Since ages, the Hindu society has been a patriarchal society. This has also been reflected in the laws of the land. The Hindu Succession Act, 1956 which governs the inheritance and succession of the Hindus was one such act. As per this Act, the rights of female members was very limited compared to the male counterparts.
Hindu Succession Amendment Act, 2005 came into effect on 9th September 2005 abolished this inequality towards females. A joint Hindu family means all people lineally ascending or descending from a common ancestor including wives and unmarried daughters. However, a Hindu coparcenary is a much focused group. It consists of the ancestor and his three descendants. Coparcenary property is one inherited by a Hindu man from his father, grandfather or great grandfather.
Before the 2005 Amendment Act, only the males viz., sons, grandsons and great grandsons were considered as coparceners. W.e.f 9th September 2005, the daughters became coparceners by birth in their right having the same liability in coparcenary property as if she had been a son. This was a landmark moment in the Indian legal as well cultural history where the partiality between man and woman were removed in law.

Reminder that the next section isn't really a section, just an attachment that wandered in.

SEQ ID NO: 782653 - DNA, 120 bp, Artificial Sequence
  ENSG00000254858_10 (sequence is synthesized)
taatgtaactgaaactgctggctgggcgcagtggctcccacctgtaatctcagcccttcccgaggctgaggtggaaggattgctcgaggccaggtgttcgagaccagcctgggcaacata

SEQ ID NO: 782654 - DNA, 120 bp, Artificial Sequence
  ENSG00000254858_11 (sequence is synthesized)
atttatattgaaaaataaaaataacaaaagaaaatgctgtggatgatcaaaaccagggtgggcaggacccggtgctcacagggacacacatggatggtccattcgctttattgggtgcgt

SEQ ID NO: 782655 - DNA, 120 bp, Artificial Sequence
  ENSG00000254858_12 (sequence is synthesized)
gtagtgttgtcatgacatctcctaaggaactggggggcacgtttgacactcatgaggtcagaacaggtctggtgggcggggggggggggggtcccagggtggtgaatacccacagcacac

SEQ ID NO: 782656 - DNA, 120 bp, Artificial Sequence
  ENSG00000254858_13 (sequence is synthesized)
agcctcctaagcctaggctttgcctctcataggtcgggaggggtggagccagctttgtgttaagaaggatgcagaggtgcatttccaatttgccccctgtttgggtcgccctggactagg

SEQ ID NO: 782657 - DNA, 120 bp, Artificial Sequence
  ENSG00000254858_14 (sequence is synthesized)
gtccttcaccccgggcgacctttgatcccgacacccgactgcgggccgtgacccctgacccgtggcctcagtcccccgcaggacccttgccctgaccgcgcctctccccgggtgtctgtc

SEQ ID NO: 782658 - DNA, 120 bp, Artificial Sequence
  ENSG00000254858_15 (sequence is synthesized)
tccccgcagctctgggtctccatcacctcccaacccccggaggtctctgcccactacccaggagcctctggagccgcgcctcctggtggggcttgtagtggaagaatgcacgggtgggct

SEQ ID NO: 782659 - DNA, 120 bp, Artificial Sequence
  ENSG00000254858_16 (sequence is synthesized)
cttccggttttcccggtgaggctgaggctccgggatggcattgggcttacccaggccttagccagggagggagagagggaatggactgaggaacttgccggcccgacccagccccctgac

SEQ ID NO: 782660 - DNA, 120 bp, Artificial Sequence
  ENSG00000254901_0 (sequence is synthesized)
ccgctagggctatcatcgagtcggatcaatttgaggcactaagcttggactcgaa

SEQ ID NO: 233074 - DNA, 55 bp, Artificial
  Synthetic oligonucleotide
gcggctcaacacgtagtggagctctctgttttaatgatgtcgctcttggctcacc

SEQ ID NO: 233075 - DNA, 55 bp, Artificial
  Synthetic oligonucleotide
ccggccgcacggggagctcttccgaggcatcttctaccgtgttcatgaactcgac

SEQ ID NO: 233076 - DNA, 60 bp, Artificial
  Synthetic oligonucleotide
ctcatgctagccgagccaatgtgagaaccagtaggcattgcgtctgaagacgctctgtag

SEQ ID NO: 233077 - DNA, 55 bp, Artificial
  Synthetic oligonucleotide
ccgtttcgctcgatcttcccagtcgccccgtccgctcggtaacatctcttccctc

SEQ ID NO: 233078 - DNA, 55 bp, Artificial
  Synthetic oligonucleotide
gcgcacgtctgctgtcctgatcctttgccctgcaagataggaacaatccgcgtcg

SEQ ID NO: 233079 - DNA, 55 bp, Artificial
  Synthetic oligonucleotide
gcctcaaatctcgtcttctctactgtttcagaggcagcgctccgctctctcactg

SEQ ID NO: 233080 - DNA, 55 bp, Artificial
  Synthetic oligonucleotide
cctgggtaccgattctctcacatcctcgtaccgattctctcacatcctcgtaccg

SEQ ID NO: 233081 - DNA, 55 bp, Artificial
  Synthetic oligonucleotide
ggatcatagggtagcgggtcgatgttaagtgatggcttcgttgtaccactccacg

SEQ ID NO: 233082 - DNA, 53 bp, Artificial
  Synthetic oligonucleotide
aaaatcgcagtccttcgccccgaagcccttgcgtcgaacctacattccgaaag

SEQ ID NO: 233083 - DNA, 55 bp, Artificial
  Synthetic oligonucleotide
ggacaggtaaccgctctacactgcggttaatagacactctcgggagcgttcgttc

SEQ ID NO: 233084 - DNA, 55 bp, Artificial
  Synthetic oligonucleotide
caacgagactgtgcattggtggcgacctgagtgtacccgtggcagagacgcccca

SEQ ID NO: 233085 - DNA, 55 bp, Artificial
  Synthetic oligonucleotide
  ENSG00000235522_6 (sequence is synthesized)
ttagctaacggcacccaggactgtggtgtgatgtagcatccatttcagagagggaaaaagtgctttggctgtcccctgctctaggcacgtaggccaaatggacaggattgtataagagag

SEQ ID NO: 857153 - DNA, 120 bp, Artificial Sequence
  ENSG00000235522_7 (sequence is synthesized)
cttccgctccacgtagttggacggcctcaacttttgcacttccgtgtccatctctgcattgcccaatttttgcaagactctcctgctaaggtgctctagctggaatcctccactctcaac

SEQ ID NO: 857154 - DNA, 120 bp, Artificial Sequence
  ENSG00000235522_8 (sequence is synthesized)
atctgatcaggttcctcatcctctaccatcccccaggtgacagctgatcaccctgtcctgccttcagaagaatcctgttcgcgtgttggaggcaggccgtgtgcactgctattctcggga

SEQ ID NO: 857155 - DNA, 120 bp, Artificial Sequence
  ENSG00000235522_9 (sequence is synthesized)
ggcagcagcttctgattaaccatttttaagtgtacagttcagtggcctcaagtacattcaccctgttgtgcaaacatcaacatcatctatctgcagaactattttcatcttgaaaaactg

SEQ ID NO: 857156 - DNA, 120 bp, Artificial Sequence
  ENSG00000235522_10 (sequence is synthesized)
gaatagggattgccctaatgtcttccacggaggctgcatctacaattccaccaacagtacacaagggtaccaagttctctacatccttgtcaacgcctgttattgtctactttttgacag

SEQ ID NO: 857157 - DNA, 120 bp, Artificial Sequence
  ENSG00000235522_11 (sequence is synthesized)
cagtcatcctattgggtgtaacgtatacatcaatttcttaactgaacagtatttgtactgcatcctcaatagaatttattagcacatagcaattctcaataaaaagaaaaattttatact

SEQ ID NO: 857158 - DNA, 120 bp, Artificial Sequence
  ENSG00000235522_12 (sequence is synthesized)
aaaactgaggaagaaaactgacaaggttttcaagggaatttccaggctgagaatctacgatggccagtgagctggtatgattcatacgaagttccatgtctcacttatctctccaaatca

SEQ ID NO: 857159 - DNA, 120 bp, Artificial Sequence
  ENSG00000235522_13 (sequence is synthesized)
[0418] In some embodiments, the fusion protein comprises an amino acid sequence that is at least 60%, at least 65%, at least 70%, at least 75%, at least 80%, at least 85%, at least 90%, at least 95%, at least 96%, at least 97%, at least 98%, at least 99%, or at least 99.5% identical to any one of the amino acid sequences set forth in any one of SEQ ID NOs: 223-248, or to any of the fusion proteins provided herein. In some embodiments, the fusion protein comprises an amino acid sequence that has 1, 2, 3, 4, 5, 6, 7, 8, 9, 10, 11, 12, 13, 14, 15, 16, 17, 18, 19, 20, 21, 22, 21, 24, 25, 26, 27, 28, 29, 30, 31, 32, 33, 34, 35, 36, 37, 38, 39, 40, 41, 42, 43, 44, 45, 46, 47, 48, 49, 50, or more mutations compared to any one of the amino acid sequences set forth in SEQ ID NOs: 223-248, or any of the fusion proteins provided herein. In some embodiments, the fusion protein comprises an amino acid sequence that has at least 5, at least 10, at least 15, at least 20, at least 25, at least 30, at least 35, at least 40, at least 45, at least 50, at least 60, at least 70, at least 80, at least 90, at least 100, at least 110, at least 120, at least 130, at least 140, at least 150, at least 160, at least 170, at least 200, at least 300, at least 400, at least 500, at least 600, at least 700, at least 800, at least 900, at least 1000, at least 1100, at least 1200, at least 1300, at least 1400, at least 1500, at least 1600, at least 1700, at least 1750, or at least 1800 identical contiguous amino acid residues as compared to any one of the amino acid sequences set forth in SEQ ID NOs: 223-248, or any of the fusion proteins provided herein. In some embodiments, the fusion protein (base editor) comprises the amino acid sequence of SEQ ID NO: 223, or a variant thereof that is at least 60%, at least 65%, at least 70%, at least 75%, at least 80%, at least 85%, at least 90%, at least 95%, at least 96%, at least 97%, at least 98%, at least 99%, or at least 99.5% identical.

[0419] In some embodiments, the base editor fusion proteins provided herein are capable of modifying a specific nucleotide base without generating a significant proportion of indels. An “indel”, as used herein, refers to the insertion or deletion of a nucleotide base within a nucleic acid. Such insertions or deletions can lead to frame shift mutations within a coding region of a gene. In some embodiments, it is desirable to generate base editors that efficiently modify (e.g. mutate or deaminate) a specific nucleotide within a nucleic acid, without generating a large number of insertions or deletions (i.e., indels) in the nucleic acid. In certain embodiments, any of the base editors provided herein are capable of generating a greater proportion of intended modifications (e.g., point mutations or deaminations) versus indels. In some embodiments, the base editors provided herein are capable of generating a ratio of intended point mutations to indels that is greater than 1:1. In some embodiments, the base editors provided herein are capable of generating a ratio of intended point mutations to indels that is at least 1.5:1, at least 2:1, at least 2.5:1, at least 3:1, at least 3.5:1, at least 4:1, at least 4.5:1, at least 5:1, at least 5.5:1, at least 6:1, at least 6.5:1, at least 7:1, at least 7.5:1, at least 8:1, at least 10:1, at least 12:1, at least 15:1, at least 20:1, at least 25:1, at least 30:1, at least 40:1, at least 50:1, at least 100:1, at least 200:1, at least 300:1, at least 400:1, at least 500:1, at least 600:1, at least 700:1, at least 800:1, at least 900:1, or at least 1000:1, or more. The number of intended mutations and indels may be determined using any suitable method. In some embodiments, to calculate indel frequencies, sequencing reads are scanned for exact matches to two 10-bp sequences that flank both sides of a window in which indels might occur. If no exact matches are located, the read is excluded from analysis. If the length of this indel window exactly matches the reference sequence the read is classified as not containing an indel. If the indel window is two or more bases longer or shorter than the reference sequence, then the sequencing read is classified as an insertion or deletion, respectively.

However, certain legal points remained ambiguous viz.,
- Whether the coparcenary rights of daughters who were born before 9th September 2005 would be equal as that of the sons as per the new Amendment law or would remain limited as per the ld Act?
- Whether the coparcenary rights of daughters remain the same as the sons whose father had died before 9th September 2005?;
There were conflicting judgements from Supreme Court itself in this regard before. However on 11th August 2020, a three-judge bench consisting of Justice Arun Mishra, Justice Abdul Nazeer and Justice M.R. Shah in Vineeta Sharma vs Rakesh Sharma & Ors [Civil Appeal No. 32601 of 2018] took note of these conflicting judgements and settled the law:
- The provisions of the Amendment Act, 2005 confer the status of coparcener on the daughter born before or after the amendment in the same manner as son with the same rights and liabilities;
- Since the coparcenary right is by birth, it is not necessary that the father coparcener should be living as on 9the September 2005.
- However the daughter can only claim her rights w.e.f 9th September 2005 and any transaction relating to property i.e. disposition or alienation, partition or testamentary disposition which had taken place before 20th December, 2004 before the amendment cannot be touched by this judgement.
Thus this judgement now clears any confusion that prevailed as regards to the Amendment Act of 2005 and Hindu daughters are now on equal footing with Hindu sons when it comes to inheritance and succession of property,